Texas A&M University researchers are studying the genes of the mosquito species, Aedes aegypti, the carrier for both dengue and yellow fever, hoping to keep deadly mosquito-borne diseases at bay.
Dr. Patricia Pietrantonio in her laboratory where cell lines are maintained in serum and under sterile conditions in the tissue culture laboratory. Cell lines need to be split under the hood. (Texas Agricultural Experiment Station photo by Edith Chenault)
Dr. Patricia Pietrantonio, associate professor of entomology with the Texas Agricultural Experiment Station, is leading a team of researchers studying the hormone-controlled mechanism by which mosquitoes excrete waste.
"This research has far-reaching implications for the discovery of new alternatives for insect control," Pietrantonio said.
Edith A. Chenault | Texas A&M University
Lethal combination: Drug cocktail turns off the juice to cancer cells
12.12.2018 | Universität Basel
Smelling the forest – not the trees
12.12.2018 | Universität Konstanz
A widely used diabetes medication combined with an antihypertensive drug specifically inhibits tumor growth – this was discovered by researchers from the University of Basel’s Biozentrum two years ago. In a follow-up study, recently published in “Cell Reports”, the scientists report that this drug cocktail induces cancer cell death by switching off their energy supply.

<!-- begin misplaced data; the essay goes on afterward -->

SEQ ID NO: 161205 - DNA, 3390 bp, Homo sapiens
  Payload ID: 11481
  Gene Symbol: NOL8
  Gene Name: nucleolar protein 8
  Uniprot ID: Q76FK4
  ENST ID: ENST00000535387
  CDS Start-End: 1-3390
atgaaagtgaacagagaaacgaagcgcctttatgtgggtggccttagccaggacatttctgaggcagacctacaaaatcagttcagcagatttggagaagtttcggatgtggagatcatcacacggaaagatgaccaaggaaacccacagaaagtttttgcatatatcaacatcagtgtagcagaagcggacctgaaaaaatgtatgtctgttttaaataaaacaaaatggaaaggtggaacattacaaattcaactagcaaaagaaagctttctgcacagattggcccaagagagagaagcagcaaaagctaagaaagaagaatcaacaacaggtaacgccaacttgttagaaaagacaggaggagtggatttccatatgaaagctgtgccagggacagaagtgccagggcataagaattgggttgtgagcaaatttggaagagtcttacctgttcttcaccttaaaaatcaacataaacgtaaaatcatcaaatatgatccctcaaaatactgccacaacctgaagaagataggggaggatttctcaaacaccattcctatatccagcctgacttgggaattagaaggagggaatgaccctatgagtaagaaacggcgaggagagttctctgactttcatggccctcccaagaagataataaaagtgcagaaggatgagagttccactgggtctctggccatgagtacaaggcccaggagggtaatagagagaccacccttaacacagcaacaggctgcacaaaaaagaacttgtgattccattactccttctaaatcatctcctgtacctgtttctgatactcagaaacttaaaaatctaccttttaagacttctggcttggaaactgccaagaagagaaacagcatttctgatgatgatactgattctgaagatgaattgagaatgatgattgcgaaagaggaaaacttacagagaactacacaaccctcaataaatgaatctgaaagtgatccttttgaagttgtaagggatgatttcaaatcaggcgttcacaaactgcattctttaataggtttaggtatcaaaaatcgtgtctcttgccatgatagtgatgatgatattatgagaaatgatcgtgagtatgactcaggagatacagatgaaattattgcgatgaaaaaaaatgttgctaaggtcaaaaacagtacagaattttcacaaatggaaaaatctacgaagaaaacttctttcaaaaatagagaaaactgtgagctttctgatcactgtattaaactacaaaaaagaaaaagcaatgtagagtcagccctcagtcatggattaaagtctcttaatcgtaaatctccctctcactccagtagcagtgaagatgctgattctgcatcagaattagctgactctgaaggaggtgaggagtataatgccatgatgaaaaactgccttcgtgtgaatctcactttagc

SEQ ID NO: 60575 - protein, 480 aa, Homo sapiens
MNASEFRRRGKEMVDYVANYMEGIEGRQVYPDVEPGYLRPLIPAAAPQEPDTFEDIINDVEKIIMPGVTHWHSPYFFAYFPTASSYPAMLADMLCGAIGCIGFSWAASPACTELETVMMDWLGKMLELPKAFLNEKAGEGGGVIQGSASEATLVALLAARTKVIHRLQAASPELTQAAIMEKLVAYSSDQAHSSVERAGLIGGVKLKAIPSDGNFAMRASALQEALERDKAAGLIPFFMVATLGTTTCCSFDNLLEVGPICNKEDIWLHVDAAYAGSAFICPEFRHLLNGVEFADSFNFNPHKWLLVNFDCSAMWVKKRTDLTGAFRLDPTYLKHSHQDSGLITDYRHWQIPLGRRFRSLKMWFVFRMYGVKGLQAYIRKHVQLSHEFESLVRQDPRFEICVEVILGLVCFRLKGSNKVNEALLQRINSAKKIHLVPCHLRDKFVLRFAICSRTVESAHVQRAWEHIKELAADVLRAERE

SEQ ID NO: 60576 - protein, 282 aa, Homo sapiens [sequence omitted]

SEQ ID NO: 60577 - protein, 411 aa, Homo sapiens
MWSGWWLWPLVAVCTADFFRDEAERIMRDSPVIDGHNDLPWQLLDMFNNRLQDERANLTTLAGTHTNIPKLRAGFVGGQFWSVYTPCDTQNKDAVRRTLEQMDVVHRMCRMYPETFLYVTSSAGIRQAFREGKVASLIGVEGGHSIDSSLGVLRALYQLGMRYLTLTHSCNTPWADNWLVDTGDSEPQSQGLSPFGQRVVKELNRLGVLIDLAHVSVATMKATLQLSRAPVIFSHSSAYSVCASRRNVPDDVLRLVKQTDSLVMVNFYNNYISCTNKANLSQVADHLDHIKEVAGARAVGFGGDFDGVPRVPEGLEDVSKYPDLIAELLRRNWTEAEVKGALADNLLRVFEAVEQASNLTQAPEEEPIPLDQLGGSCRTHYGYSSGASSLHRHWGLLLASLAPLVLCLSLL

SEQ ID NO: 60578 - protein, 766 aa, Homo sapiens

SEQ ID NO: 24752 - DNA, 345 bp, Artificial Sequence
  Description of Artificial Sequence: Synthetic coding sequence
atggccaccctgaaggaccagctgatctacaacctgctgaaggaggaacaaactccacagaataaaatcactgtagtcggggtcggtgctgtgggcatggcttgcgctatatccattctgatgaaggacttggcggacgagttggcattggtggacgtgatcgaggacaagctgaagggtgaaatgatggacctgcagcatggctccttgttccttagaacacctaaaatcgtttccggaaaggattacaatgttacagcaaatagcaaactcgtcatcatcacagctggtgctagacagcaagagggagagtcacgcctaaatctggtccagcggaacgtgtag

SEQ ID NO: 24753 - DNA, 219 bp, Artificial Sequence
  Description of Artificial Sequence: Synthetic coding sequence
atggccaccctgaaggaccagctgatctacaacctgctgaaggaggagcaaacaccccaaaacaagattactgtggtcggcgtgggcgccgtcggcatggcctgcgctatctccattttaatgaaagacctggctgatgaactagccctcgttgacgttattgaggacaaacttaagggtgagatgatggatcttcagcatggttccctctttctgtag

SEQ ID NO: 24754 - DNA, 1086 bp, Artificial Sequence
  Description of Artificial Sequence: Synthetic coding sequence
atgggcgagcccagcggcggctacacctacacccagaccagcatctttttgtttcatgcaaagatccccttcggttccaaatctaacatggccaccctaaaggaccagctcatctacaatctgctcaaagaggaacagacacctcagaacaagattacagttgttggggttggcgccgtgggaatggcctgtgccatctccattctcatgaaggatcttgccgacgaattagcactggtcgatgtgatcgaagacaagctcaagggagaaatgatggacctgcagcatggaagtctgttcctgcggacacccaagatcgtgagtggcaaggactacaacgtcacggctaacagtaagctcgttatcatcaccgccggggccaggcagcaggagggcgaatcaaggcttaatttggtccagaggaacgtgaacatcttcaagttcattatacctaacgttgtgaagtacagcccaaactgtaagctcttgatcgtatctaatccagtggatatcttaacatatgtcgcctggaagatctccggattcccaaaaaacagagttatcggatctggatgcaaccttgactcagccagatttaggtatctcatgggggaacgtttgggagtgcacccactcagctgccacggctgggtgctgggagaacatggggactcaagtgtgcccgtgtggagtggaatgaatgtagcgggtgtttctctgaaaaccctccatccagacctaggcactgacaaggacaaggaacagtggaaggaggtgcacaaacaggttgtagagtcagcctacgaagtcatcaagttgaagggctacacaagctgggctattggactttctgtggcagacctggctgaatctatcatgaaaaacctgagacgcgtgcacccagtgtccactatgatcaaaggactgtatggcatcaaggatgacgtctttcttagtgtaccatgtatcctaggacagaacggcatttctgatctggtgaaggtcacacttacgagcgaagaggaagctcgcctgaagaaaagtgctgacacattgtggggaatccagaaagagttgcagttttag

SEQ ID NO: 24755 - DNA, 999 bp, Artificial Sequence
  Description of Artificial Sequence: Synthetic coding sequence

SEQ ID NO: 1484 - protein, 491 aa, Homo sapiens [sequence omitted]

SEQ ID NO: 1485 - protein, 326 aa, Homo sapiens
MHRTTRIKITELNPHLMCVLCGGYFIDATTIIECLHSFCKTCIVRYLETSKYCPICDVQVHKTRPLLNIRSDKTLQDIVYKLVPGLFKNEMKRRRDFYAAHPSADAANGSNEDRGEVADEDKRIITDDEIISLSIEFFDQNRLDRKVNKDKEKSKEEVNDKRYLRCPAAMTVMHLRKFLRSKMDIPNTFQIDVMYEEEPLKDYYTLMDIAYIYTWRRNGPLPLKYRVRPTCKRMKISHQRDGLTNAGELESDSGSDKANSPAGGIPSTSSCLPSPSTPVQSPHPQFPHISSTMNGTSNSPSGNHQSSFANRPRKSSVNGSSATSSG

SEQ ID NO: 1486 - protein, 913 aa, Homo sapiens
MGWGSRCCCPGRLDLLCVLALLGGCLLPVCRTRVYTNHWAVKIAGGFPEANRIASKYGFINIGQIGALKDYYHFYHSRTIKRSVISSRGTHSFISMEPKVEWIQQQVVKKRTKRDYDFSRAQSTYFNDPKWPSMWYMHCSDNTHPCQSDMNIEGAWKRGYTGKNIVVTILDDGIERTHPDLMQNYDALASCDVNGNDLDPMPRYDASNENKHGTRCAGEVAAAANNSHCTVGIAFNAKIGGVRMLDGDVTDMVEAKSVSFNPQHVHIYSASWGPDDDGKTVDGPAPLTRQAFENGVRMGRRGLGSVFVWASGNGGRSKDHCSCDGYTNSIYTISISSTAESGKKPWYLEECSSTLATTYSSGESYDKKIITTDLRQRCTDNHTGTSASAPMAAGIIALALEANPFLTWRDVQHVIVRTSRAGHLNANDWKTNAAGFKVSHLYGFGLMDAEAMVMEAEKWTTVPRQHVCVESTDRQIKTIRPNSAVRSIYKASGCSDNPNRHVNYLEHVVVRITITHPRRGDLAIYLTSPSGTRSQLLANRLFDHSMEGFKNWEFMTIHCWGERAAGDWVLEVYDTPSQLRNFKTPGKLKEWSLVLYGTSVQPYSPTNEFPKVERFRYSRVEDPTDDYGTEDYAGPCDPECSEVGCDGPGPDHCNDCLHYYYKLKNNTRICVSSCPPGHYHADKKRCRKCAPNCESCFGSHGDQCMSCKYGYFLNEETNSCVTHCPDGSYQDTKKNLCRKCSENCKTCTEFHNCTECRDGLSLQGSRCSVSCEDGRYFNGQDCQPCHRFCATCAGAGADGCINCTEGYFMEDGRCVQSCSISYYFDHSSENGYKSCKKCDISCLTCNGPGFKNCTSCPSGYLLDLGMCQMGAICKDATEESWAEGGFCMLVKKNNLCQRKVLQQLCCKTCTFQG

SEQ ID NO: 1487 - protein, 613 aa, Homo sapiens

The widely used anti-diabetes drug metformin not only reduces blood sugar but also has an anti-cancer effect. However, the metformin dose commonly used in the...
A research team from the University of Zurich has developed a new drone that can retract its propeller arms in flight and make itself small to fit through narrow gaps and holes. This is particularly useful when searching for victims of natural disasters.
Inspecting a damaged building after an earthquake or during a fire is exactly the kind of job that human rescuers would like drones to do for them. A flying...
Over the last decade, there has been much excitement about the discovery, recognised by the Nobel Prize in Physics only two years ago, that there are two types...
What if a sensor sensing a thing could be part of the thing itself? Rice University engineers believe they have a two-dimensional solution to do just that.
Rice engineers led by materials scientists Pulickel Ajayan and Jun Lou have developed a method to make atom-flat sensors that seamlessly integrate with devices...
Scientists at the University of Stuttgart and the Karlsruhe Institute of Technology (KIT) succeed in important further development on the way to quantum Computers.
Quantum computers one day should be able to solve certain computing problems much faster than a classical computer. One of the most promising approaches is...
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